“I think [law school] has given me a sense of mental organization of ideas more than anything else,” Julian says. “Obviously, legal skills also help in the political world… In San Antonio over the past three years, we’ve had more than one scandal involving legal issues and people at City Hall dropping the ball in terms of city contracts and stuff. So it will actually be an advantage that I’m a lawyer so that I can be vigilant on the counsel side, and make sure things are going well on the administrative side. I don’t think a Harvard law degree will hurt in any respect. I think it will help very much.”

So why is Julian the candidate and Joaquin the treasurer, and not the other way around? That’s easy, according to Joaquin. “I’m a minute younger. That’s how we decided who was going to run,” he jokes. On the more serious side, however, Joaquin says Julian is more political and more extroverted than he is, and will infuse more personality into the campaign.

‘Trying to Inspire People of my Generation’

San Antonio’s District 7 is a 26-square-mile pear-shaped precinct, carved out of the city’s midsection, with a population of about 100,000 people. Most residents are Hispanic. A quarter of them live below the poverty line. It’s the neighborhood where Julian and Joaquin grew up, and it’s the district Julian hopes to represent on the council.

“District 7 is an interesting district because it is very representative of the city,” Julian says. “It has an area on the southern end that’s pretty low income, and an area on the northern end that’s higher income. It has a university presence, with two universities in the area, and it’s a district where the residents take a lot of pride in their neighborhoods, which sets it apart from most of the other districts.”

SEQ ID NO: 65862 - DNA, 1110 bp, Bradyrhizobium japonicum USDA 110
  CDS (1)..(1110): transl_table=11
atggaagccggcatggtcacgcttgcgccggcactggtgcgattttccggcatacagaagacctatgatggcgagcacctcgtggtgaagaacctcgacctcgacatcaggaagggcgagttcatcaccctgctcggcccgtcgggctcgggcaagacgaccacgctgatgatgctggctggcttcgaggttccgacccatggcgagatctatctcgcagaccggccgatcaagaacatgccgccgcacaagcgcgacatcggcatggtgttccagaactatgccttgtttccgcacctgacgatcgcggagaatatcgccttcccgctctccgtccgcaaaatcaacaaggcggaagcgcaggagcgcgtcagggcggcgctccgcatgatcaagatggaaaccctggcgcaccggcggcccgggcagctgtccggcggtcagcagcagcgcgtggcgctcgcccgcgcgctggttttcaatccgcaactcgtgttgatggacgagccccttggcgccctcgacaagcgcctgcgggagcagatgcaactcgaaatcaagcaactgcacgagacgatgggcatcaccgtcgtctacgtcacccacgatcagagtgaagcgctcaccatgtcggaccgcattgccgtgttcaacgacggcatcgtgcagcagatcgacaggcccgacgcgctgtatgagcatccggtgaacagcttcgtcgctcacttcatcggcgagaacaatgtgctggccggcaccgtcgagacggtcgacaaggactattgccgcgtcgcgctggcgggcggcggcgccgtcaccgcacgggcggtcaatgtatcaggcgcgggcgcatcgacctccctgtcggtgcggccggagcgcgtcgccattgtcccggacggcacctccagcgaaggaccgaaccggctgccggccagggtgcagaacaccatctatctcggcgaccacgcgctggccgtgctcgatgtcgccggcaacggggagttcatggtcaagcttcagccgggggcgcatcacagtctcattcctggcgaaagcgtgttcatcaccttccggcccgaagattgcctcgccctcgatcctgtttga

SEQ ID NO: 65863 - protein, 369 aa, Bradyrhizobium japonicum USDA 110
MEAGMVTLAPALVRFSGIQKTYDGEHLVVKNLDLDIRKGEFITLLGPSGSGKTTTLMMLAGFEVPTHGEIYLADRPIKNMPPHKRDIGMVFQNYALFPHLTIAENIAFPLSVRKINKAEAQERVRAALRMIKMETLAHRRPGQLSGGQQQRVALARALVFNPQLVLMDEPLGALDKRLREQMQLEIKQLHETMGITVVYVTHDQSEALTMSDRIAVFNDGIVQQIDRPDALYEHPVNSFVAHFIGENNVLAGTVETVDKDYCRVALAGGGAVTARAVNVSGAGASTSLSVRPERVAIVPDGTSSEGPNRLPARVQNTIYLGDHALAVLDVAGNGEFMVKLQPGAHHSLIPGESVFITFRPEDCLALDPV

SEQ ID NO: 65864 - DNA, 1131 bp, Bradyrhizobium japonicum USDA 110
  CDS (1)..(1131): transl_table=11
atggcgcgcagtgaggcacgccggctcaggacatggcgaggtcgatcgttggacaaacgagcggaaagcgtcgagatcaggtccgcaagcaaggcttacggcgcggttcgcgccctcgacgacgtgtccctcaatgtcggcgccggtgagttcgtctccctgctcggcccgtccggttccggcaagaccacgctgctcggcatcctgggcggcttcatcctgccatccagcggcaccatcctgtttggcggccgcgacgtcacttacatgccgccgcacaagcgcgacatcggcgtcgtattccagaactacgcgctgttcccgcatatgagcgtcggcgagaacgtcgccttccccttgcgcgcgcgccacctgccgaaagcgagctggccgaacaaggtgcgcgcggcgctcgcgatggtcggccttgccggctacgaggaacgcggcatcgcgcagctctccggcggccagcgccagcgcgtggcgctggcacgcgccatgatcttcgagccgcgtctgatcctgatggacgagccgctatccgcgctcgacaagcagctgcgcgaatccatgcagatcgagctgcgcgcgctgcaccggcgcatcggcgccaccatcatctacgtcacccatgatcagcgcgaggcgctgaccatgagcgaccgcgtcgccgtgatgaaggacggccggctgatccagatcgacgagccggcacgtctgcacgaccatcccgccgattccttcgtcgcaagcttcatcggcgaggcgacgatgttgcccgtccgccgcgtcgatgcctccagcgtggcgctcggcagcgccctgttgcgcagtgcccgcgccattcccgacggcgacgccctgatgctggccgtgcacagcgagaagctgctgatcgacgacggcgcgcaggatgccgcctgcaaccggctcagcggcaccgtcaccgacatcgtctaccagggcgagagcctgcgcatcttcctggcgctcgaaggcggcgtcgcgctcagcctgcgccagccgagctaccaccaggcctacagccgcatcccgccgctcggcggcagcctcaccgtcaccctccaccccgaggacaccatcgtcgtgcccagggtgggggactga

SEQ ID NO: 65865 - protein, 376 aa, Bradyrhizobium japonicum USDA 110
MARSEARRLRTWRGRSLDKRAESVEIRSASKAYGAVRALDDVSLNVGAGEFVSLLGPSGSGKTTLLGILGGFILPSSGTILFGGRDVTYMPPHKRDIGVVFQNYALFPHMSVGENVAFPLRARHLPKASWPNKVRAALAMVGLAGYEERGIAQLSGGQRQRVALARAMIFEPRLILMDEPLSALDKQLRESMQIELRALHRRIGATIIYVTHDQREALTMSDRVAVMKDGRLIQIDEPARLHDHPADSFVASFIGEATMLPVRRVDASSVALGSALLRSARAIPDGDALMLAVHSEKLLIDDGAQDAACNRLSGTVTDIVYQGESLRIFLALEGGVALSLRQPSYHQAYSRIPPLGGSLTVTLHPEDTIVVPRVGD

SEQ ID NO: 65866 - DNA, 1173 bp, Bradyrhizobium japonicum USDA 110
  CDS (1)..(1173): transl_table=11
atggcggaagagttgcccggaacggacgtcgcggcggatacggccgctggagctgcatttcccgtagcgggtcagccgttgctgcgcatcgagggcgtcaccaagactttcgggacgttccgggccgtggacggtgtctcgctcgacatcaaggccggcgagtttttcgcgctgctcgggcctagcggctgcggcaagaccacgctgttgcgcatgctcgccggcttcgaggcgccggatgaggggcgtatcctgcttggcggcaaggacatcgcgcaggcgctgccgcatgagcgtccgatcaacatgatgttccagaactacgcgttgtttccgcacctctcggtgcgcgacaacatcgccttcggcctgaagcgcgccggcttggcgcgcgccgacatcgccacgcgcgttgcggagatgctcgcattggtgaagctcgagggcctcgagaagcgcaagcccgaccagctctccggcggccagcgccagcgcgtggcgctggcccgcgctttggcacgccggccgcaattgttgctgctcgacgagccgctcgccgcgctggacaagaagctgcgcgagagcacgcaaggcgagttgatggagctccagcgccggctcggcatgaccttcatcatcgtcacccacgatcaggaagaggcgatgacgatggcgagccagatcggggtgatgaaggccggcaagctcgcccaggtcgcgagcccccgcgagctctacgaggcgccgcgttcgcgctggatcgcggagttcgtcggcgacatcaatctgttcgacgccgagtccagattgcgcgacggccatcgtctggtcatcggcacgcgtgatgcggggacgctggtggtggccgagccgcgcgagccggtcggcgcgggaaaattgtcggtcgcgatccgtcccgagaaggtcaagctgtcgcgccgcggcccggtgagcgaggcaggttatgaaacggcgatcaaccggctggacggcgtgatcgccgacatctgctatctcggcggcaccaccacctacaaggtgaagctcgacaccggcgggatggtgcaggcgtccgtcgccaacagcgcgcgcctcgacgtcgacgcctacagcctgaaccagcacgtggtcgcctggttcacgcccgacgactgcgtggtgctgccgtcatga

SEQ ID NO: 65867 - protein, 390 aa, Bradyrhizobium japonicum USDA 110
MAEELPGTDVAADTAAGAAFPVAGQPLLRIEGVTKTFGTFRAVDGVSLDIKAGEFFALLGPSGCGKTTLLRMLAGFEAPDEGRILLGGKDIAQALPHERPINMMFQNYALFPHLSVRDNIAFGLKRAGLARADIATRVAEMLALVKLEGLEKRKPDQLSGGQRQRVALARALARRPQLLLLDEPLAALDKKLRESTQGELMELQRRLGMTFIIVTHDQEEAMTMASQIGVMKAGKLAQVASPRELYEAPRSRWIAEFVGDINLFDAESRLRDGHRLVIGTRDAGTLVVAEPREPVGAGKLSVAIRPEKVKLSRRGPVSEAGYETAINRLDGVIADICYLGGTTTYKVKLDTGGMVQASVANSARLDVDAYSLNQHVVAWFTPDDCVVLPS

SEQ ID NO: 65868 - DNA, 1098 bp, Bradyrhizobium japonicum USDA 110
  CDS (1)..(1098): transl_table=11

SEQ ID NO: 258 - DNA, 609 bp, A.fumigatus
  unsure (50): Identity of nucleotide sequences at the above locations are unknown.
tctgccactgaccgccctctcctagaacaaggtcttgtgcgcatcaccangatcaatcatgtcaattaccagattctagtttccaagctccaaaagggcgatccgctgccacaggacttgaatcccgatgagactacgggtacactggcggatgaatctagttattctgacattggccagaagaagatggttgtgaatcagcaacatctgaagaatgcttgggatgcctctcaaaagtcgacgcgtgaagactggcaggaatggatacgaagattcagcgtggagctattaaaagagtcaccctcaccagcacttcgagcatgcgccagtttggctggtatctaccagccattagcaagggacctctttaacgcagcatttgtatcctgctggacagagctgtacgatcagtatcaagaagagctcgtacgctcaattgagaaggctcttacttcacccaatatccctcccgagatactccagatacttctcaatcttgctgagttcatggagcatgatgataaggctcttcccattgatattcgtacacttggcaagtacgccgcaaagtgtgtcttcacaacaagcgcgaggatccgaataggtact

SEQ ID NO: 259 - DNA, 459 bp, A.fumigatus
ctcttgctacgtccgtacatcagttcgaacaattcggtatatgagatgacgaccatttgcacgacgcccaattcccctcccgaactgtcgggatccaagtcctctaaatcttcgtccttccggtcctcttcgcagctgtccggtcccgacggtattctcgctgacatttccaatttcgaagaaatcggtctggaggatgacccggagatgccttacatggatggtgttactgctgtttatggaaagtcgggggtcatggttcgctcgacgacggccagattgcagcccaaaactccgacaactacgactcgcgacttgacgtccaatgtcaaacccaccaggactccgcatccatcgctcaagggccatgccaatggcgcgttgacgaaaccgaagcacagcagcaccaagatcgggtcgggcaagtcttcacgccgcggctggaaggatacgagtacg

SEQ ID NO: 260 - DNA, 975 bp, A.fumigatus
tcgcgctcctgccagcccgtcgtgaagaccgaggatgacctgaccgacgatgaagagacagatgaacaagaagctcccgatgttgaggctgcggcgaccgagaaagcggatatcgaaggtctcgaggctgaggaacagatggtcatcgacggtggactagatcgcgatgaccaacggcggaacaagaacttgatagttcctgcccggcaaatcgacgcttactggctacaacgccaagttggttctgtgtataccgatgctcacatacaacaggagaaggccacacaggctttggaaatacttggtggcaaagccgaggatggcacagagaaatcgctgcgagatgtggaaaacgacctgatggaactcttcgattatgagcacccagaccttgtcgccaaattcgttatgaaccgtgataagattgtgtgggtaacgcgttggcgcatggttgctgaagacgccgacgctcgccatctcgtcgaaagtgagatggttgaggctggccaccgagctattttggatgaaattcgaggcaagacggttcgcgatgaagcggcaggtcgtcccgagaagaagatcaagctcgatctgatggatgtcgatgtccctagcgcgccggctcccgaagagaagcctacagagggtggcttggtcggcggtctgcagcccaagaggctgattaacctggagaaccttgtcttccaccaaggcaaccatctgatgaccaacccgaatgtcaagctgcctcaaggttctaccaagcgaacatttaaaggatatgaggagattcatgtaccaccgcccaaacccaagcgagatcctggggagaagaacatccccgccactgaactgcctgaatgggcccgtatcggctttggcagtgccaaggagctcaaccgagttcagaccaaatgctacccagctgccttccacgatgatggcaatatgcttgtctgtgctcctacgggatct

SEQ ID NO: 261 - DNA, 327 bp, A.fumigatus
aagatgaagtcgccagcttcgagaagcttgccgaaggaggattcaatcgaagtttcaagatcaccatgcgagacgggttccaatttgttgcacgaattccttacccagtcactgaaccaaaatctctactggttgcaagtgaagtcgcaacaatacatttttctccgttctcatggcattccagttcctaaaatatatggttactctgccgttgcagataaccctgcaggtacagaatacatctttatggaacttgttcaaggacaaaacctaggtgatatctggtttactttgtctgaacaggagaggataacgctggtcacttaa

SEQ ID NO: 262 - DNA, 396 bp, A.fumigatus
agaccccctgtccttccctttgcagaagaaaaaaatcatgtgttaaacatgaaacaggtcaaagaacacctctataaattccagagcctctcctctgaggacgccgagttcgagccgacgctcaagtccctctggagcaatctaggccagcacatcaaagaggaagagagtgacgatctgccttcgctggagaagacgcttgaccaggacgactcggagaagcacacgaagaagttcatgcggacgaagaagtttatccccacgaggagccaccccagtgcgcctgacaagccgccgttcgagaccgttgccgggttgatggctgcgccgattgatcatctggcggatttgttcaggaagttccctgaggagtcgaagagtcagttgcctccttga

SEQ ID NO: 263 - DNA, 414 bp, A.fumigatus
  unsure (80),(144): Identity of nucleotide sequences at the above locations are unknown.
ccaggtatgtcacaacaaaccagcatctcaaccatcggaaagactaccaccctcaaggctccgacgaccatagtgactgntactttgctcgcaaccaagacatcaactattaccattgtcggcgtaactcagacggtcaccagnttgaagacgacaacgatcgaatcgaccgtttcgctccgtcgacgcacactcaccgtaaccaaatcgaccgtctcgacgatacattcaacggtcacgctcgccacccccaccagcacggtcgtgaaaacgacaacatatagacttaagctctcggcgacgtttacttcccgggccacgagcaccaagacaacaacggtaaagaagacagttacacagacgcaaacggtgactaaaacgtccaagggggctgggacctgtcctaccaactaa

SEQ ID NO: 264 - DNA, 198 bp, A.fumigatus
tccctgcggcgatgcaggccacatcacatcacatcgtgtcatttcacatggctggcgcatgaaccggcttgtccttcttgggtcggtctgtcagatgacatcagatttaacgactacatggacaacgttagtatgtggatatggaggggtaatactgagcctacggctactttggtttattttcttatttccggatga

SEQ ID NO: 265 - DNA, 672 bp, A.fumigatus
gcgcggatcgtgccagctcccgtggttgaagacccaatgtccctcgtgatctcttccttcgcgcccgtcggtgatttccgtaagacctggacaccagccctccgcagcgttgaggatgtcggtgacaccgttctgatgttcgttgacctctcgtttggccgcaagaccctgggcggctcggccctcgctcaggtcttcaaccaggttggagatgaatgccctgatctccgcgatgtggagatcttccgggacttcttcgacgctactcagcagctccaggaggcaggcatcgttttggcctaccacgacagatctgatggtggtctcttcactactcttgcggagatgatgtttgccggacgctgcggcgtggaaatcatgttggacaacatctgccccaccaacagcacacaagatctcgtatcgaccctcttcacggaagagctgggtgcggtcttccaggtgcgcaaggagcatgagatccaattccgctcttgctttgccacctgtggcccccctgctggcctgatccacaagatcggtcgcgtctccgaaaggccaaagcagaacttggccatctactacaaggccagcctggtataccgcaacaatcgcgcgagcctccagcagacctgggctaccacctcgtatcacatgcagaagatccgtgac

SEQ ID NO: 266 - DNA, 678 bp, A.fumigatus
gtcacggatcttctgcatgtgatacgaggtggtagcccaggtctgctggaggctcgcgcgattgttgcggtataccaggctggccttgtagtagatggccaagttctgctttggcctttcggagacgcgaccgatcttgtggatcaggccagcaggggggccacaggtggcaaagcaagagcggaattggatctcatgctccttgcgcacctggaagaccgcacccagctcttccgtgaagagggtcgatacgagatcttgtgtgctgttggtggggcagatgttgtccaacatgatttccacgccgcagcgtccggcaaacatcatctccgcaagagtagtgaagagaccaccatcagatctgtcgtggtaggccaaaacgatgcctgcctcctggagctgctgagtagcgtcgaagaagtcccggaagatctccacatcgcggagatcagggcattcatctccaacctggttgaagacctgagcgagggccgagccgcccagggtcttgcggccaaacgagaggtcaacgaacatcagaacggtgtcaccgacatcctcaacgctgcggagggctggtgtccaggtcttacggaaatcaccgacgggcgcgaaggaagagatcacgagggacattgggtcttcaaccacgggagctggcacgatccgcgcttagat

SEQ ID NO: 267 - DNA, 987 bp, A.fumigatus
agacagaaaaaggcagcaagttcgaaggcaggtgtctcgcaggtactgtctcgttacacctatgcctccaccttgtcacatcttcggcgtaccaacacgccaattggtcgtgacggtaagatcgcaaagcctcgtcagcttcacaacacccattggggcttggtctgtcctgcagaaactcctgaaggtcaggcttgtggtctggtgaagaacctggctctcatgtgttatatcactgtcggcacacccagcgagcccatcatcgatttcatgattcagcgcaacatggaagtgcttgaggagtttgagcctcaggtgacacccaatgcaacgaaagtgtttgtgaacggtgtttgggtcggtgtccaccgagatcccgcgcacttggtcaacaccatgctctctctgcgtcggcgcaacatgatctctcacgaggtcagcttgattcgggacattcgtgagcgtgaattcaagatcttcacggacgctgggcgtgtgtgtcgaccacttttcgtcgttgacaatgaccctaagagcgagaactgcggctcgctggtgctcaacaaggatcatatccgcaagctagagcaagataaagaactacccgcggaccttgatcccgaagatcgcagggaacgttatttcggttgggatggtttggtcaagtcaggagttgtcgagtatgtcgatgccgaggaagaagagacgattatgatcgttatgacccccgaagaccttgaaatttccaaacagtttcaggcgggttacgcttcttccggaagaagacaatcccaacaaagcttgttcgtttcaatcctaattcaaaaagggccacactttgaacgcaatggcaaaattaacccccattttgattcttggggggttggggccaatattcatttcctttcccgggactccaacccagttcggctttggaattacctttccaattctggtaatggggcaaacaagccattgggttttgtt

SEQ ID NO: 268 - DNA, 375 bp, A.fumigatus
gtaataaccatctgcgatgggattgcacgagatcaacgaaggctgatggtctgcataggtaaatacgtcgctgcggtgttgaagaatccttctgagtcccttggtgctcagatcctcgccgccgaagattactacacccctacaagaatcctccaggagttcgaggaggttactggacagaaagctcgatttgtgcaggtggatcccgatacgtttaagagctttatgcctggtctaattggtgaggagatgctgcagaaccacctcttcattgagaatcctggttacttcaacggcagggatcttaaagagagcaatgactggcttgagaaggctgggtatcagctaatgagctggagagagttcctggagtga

The city itself, like many others across the country, is suffering from some growing pains, amid a time of self-discovery and economic change. “The first thing I’d like to do [if elected] is transition San Antonio from what I call a ‘smiles-based economy,’ dependent on tourism, to a ‘files-based economy,’ more dependent on knowledge and information and the high-tech sector,” Julian explains.

Ambitious goals, indeed, for a 25-year-old candidate, who, if elected, would become the youngest city councilor in San Antonio history. But the age factor doesn’t bother Julian Castro. He sees it as a plus. “One of the advantages I have as a candidate is to try to inspire people of my generation to get involved. I think that if they see a young person running for office, they might be more apt to actually go out there and pull the lever.”

According to Joaquin’s calculations, only about 6,300 people will have to pull the lever for his brother to win the election next May. That’s not a lot of votes, but they won’t come cheap. The twins are pushing to raise at least $70,000 for the campaign over the next 12 months – a hefty sum for a job that pays just $20 a week.

It’s certainly not the money that’s attracting Julian to city hall – it’s the prospect of helping guide San Antonio into the future. “Our city has as much potential as Harvard has prestige,” he says. The same might be said about the two soon-to-be HLS graduates, whose political futures could soar with a victory at the polls next spring.